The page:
There are three types of FMEAs: a design (DFMEA), a process (PFMEA) and a service FMEA. Let’s zoom in on what each FMEA entails.
This methodology explores the possibility of product or design malfunctions. It is used in product development to improve quality and reduce potential risks of failure. This rings especially true for new, updated, or modified product designs which can unintentionally introduce design failures. Using a DFMEA, you can identify failure modes early in the design process and make changes to the design. Even before going into production, leading to significant cost savings compared to countermeasures in later phases. After all, prevention is better than cure.
A DFMEA is based on theoretical assumptions. So, there’s always a possibility that those assumptions do not fully represent reality. Moreover, sometimes a DFMEA is not created during the design or is not available to the asset owner. This is where a service FMEA is of value. It helps to address failures that occur during the life cycle despite the efforts made in the design phase. Failures that happen during service can be the consequence of design flaws but equally because of improper installation, -operation, -maintenance, and -repair. Although service FMEAs are typically associated with assets or systems, the same principles can be applied to a process.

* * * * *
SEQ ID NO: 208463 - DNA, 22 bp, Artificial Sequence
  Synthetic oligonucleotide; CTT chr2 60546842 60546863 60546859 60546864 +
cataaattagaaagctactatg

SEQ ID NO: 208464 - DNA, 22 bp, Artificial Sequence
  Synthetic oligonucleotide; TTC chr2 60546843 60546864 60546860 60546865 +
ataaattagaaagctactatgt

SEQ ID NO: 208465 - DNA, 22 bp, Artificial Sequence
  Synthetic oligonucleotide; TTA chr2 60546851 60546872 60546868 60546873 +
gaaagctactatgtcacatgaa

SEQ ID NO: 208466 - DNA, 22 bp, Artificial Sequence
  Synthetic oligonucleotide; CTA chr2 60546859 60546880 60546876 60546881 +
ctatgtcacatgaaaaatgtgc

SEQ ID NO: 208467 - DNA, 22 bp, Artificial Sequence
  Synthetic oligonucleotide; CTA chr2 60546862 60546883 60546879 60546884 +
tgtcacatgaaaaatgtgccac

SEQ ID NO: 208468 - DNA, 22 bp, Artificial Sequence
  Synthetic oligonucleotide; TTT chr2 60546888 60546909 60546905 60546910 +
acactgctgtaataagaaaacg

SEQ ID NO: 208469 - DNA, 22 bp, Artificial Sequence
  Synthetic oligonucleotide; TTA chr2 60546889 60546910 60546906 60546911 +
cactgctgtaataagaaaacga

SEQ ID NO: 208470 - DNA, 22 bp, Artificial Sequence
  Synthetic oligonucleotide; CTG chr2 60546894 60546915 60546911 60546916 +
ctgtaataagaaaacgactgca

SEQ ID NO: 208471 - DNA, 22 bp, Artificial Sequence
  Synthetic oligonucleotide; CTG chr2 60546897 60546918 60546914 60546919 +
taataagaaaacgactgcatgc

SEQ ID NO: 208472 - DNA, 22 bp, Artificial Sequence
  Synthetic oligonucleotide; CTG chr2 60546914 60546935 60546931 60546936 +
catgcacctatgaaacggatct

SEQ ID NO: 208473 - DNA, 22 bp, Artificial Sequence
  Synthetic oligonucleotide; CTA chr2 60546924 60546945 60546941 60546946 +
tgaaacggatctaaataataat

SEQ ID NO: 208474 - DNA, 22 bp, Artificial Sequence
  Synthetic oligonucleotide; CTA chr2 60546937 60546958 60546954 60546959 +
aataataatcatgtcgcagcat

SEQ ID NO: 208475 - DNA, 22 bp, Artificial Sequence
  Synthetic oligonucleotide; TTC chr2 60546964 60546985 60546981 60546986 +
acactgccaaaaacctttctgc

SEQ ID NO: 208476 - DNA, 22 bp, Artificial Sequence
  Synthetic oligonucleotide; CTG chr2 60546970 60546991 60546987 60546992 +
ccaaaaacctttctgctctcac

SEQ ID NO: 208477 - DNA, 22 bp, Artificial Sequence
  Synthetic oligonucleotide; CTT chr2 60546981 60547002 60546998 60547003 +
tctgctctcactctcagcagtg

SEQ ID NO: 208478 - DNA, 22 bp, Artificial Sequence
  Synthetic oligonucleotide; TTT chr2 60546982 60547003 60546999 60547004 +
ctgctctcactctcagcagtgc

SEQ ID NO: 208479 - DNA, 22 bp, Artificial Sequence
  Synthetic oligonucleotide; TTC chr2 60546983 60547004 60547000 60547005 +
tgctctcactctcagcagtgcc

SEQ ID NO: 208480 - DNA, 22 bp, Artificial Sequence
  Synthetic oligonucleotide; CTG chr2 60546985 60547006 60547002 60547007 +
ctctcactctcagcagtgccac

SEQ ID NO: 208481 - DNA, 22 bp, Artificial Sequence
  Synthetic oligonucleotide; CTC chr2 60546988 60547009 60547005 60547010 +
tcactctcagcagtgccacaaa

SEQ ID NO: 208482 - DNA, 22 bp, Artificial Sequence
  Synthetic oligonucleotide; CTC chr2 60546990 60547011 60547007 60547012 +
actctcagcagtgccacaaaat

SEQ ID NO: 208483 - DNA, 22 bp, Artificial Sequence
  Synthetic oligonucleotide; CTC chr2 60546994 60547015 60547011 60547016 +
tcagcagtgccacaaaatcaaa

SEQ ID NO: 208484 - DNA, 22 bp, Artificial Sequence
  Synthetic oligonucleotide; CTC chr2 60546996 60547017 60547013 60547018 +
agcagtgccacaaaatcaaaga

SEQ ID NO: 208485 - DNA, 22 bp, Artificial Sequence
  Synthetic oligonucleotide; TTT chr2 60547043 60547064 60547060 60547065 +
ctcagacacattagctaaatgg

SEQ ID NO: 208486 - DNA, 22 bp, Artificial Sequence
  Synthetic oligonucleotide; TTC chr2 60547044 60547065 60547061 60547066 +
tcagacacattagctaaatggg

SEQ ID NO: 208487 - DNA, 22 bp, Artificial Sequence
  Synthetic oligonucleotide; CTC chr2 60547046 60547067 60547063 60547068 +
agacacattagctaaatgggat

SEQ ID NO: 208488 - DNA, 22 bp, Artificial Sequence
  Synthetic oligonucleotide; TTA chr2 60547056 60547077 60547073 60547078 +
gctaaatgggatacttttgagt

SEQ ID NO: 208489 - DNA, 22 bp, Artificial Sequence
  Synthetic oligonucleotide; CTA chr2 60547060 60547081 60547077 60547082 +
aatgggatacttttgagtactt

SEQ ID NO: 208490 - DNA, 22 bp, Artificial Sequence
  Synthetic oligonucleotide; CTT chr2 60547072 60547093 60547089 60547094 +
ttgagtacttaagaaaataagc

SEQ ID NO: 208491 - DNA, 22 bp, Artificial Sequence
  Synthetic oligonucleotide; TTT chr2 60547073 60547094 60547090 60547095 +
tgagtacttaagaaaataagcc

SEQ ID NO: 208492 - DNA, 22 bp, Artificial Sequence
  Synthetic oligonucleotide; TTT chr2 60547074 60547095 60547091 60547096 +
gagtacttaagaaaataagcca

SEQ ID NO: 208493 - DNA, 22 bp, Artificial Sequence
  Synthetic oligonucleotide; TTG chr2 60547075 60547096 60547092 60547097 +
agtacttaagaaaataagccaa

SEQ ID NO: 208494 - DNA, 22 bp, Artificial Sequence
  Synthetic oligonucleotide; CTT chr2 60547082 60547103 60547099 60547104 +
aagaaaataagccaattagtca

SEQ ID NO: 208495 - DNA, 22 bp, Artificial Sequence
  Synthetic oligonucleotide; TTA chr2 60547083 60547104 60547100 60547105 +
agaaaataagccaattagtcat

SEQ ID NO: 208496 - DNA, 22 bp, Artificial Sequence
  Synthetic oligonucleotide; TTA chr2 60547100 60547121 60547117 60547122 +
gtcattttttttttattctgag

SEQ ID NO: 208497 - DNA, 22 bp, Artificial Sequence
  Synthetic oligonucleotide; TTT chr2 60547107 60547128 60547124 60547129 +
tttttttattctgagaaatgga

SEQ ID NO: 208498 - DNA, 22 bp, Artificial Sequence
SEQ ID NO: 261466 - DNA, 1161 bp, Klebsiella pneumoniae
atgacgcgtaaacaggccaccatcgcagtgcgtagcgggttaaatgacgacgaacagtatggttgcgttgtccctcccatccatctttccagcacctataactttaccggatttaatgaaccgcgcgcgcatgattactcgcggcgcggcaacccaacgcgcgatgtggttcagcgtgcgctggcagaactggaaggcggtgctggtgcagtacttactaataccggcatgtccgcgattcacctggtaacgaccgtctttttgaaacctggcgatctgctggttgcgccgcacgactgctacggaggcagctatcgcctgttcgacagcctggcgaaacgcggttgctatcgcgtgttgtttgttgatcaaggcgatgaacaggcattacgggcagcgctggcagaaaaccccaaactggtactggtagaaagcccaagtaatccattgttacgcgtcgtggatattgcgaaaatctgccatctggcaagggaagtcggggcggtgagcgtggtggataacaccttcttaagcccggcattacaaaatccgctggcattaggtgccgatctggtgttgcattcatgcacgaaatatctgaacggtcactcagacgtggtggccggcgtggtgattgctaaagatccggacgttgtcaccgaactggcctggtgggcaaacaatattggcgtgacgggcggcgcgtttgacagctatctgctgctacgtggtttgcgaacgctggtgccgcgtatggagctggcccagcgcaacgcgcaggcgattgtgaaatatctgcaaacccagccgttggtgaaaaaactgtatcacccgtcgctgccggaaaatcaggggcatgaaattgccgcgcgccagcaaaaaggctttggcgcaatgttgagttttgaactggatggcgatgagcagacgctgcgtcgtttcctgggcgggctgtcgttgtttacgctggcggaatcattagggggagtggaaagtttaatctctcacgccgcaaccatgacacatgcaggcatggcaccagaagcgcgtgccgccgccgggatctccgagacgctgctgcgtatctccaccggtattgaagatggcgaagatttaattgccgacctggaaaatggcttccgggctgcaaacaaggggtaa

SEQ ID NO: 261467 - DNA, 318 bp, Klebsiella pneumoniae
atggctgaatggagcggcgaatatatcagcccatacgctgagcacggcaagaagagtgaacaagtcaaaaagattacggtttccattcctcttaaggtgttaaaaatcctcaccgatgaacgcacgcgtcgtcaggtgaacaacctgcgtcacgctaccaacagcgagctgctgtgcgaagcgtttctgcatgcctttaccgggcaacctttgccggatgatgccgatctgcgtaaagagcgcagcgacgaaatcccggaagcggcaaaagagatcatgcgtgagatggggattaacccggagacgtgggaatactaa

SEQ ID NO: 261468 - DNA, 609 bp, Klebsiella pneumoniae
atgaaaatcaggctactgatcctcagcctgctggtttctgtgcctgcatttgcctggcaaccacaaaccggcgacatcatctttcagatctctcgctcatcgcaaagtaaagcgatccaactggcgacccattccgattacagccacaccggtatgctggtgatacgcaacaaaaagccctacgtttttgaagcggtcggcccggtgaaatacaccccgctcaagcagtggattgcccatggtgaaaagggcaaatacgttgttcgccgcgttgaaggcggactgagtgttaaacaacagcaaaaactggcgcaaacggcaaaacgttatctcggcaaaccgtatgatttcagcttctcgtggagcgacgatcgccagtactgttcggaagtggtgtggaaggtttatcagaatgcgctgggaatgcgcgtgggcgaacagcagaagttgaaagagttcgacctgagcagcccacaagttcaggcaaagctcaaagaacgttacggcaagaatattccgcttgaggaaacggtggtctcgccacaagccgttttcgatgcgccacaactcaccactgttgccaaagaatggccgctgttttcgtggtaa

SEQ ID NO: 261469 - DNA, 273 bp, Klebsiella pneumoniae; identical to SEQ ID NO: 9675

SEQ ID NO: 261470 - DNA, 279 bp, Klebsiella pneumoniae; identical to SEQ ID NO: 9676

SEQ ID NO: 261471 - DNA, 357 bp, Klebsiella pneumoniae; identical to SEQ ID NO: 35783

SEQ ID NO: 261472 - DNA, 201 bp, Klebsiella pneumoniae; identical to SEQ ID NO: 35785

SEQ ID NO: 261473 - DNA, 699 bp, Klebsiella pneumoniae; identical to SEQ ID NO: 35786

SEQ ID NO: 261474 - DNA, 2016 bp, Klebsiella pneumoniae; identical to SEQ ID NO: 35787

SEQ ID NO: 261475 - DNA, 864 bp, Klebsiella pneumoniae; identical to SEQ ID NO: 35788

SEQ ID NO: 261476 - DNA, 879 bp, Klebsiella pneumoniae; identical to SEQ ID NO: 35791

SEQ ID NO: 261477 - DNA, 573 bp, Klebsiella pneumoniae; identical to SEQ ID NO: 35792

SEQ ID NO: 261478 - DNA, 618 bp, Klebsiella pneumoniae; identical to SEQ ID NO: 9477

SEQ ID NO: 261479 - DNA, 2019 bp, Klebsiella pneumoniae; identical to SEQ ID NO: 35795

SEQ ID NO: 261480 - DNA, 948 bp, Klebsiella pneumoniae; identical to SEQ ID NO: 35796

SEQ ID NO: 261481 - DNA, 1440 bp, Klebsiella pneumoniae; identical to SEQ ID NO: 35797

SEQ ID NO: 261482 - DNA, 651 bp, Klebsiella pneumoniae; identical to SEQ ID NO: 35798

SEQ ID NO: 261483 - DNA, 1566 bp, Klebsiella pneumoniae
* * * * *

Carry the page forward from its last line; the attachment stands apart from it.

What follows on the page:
The purpose of a service FMEA is to ensure service tools will perform as required, reach improvement goals, customers experience fewer failures throughout the product’s life cycle, and the asset owner reduces costs by deferring planned maintenance. It’s the first step towards an effective maintenance strategy, as occurrence and severity are based on experience.
The structured methodology known as Process FMEA (PFMEA) is used to identify probable process failures, including failure that impacts product quality, reduced reliability of the process, customer dissatisfaction, and safety or environmental hazards. PFMEA is more concerned with identifying failures brought on by process modifications than new or updated product designs. For example, this is particularly helpful when a new process or technology is launched. But also when an existing process is introduced into a new operating environment